Property Damage Defense
What happens if someone sues you for causing property damage to their property? The best defense is always to outline each element of the plaintiff's case, and then ask yourself what proof the plaintiff has on each element, and what proof you can introduce or bring to court to disprove the plaintiff's version. There are a couple of things to consider when preparing your defense for property damage:
- The plaintiff must prove that you did something wrong, and that what you did wrong actually caused harm to the plaintiff.
A good way to defend is to attack the plaintiff's claim that you did cause the damage and be prepared to prove it. Certain states have varying degrees of the extent to which the defendant can be considered to have caused the damage.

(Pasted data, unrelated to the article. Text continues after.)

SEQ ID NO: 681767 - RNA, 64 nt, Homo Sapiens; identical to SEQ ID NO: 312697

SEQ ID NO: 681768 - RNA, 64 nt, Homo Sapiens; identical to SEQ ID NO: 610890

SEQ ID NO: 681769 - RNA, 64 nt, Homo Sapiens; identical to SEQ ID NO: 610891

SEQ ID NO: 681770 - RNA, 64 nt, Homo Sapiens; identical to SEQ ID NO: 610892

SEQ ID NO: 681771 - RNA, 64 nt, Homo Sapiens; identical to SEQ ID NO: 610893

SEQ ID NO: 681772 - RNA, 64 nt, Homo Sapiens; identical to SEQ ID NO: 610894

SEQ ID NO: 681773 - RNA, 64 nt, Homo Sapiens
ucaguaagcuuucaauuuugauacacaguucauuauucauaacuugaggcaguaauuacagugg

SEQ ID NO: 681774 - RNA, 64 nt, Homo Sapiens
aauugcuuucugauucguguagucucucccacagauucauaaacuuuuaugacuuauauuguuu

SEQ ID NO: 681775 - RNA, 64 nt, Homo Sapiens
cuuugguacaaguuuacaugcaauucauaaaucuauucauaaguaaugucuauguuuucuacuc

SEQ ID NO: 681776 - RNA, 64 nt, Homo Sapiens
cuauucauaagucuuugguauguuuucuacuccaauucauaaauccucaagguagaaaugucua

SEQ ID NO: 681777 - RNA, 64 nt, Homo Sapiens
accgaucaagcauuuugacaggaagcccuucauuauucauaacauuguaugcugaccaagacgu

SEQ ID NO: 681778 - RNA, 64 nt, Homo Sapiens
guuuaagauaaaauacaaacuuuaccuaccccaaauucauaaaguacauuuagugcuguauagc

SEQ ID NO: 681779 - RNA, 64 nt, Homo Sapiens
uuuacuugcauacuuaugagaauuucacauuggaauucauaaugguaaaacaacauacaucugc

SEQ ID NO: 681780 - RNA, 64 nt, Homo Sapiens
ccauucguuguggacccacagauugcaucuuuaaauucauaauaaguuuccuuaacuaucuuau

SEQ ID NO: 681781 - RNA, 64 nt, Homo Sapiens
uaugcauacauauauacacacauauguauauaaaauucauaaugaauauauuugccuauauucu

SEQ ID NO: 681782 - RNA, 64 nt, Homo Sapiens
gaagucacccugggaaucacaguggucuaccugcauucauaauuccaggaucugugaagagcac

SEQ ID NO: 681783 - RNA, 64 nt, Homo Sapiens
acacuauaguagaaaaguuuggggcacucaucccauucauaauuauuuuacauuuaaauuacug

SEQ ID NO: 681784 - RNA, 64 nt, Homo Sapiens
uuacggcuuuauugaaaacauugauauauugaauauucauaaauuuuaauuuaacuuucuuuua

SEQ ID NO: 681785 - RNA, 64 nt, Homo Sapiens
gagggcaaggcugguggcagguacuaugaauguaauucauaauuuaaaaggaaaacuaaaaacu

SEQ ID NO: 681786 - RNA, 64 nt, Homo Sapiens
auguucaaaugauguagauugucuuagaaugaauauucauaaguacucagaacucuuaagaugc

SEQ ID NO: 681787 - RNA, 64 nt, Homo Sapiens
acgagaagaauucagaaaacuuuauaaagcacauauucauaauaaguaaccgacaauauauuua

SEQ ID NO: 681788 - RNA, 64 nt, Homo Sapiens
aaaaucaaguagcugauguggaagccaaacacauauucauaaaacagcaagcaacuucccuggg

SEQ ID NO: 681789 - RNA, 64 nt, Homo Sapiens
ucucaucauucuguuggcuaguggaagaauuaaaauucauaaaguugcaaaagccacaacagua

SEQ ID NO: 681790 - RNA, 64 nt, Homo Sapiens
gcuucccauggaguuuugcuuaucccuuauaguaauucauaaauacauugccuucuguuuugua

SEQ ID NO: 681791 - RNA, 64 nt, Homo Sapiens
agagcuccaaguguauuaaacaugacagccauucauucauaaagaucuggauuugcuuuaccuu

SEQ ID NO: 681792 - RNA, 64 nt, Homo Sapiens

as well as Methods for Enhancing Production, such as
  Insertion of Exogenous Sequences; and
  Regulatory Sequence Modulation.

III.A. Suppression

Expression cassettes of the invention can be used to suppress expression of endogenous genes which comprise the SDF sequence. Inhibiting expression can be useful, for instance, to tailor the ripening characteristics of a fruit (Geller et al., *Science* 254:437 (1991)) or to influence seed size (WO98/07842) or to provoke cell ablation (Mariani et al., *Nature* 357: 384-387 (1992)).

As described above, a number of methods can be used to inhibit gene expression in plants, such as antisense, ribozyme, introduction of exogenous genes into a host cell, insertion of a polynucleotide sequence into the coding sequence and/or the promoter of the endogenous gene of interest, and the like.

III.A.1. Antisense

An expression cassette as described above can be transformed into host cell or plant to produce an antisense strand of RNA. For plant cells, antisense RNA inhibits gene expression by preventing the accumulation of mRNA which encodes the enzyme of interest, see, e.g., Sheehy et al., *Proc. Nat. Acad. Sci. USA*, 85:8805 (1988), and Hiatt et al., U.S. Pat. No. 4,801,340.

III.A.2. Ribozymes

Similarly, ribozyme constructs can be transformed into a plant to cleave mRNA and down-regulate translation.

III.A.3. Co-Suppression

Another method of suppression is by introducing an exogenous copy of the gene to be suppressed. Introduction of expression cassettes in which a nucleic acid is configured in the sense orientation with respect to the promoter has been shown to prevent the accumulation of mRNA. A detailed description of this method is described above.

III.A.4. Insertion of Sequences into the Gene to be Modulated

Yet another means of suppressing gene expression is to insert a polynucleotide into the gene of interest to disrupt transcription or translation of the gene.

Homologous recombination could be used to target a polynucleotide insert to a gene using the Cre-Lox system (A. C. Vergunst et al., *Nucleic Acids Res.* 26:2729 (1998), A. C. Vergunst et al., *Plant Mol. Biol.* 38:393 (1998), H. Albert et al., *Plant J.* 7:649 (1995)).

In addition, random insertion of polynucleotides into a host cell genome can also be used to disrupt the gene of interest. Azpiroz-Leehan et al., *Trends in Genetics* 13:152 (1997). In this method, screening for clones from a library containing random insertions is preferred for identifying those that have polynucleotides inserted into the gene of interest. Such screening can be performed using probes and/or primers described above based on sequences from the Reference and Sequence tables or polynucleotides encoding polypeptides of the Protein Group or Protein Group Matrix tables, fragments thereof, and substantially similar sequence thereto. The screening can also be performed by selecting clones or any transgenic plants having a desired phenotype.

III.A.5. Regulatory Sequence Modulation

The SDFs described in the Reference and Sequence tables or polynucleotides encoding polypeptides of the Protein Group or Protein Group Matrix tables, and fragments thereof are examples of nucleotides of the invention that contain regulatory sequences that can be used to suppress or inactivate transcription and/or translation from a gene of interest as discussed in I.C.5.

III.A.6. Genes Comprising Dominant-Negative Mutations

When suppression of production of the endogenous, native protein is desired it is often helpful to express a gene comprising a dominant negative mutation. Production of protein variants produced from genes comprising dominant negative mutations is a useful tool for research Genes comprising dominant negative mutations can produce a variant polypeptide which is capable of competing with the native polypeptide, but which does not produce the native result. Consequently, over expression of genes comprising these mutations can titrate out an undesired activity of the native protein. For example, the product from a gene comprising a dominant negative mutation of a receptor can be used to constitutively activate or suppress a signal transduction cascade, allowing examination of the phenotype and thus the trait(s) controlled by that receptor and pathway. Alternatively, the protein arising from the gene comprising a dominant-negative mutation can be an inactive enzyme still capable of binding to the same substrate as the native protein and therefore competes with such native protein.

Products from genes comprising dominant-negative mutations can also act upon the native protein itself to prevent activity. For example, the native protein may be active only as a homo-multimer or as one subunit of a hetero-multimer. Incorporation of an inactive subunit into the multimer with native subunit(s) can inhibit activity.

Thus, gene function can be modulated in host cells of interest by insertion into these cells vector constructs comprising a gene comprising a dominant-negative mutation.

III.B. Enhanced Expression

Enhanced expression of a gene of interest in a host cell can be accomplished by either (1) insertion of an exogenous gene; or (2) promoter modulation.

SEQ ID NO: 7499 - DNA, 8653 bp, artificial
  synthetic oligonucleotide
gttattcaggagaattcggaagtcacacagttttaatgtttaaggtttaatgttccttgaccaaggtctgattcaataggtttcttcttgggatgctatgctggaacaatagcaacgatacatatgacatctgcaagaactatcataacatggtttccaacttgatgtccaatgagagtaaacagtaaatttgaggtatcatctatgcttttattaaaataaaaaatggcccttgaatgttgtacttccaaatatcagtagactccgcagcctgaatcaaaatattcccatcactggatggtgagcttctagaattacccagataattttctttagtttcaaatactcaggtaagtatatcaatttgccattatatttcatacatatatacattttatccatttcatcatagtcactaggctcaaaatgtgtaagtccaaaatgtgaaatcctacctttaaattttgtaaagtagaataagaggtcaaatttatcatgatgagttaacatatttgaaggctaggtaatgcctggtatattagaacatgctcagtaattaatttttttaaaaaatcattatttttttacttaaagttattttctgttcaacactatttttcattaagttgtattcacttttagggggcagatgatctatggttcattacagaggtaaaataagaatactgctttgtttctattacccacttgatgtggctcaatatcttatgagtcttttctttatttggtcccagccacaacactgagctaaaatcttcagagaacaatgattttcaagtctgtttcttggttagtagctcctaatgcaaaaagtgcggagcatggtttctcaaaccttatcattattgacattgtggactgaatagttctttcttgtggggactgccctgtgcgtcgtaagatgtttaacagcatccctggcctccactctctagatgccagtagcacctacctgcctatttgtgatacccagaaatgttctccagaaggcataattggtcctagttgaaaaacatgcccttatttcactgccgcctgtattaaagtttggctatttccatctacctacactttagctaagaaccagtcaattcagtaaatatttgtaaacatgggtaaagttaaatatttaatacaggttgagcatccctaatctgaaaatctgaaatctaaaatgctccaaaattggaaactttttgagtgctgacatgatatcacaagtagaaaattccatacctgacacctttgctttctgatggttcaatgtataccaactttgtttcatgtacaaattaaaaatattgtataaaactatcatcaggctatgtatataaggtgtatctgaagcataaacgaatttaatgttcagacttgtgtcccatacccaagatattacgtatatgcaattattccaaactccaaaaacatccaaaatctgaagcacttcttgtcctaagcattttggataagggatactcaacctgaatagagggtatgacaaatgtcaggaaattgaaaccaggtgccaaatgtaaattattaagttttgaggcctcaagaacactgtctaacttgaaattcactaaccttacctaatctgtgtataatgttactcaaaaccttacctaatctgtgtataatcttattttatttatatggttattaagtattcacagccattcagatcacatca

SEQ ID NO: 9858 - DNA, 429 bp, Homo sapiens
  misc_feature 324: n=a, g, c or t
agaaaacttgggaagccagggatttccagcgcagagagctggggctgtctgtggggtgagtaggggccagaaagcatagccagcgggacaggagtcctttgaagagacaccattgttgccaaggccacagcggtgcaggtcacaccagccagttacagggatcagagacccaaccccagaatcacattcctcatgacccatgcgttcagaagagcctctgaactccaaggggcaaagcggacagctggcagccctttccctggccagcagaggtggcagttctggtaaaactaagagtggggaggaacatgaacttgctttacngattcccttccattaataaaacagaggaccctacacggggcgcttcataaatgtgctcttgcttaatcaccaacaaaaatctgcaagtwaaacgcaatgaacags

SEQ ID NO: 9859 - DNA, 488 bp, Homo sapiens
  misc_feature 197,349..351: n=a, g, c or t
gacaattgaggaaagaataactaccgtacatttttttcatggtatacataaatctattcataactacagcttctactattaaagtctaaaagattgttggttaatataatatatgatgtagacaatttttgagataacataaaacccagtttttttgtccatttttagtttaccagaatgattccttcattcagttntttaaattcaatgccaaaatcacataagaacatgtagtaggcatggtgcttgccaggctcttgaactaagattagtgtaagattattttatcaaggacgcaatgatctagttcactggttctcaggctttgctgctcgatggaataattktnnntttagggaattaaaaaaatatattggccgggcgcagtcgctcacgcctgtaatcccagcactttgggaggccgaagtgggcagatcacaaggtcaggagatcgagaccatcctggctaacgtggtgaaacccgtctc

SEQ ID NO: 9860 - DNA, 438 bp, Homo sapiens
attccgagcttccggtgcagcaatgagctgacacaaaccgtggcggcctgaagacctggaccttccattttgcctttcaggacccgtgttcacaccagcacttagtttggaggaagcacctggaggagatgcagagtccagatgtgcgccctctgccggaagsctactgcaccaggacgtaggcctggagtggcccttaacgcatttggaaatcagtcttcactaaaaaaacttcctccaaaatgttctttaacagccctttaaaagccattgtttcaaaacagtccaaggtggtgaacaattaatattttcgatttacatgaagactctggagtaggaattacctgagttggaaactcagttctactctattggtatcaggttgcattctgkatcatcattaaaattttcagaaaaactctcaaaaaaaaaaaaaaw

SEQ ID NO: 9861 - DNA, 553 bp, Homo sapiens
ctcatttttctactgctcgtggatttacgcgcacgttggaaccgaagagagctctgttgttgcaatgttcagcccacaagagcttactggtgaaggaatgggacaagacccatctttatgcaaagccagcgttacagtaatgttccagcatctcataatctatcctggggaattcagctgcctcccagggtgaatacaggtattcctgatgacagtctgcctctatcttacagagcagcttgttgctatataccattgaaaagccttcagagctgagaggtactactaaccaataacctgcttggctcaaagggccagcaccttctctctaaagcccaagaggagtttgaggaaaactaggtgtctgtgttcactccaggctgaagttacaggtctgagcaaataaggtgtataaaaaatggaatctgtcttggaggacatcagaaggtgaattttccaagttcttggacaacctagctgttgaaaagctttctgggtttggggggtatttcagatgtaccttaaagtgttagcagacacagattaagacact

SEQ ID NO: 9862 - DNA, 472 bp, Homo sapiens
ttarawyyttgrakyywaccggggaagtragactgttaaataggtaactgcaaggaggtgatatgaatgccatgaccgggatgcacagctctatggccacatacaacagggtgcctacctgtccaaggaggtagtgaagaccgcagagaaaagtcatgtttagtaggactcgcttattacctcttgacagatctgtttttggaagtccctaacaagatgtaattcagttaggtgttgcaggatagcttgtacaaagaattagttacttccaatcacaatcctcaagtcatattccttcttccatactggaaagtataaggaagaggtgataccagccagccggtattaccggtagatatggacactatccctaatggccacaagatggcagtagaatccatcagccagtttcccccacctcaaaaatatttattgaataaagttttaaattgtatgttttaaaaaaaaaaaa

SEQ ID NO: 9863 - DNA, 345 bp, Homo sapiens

Also, you may consider attacking the plaintiff's version of a property damage claim. Take each element and introduce evidence that the damages were not caused by you. Witnesses might help your case. For example, eye witnesses in a car accident case, or even an accident reconstructionist might help to prove the plaintiff's version of the damage did not occur.
- Prove that the damage was also or in large part caused by the plaintiff.
This is form of contributory or comparative negligence. Regardless of the legal terminology, you should attempt to bring proof to the court that the damage was already existing, or that the plaintiff's actions caused the damage to be greater than it would have been otherwise.
Remember that all of this information is general in nature and is not designed to consider every possible set of facts imaginable. This discussion simply reviews the most common areas of concern that are overlooked or misunderstood when bringing lawsuits. For specific issues, do not hesitate to contact Member Services or your plan attorney.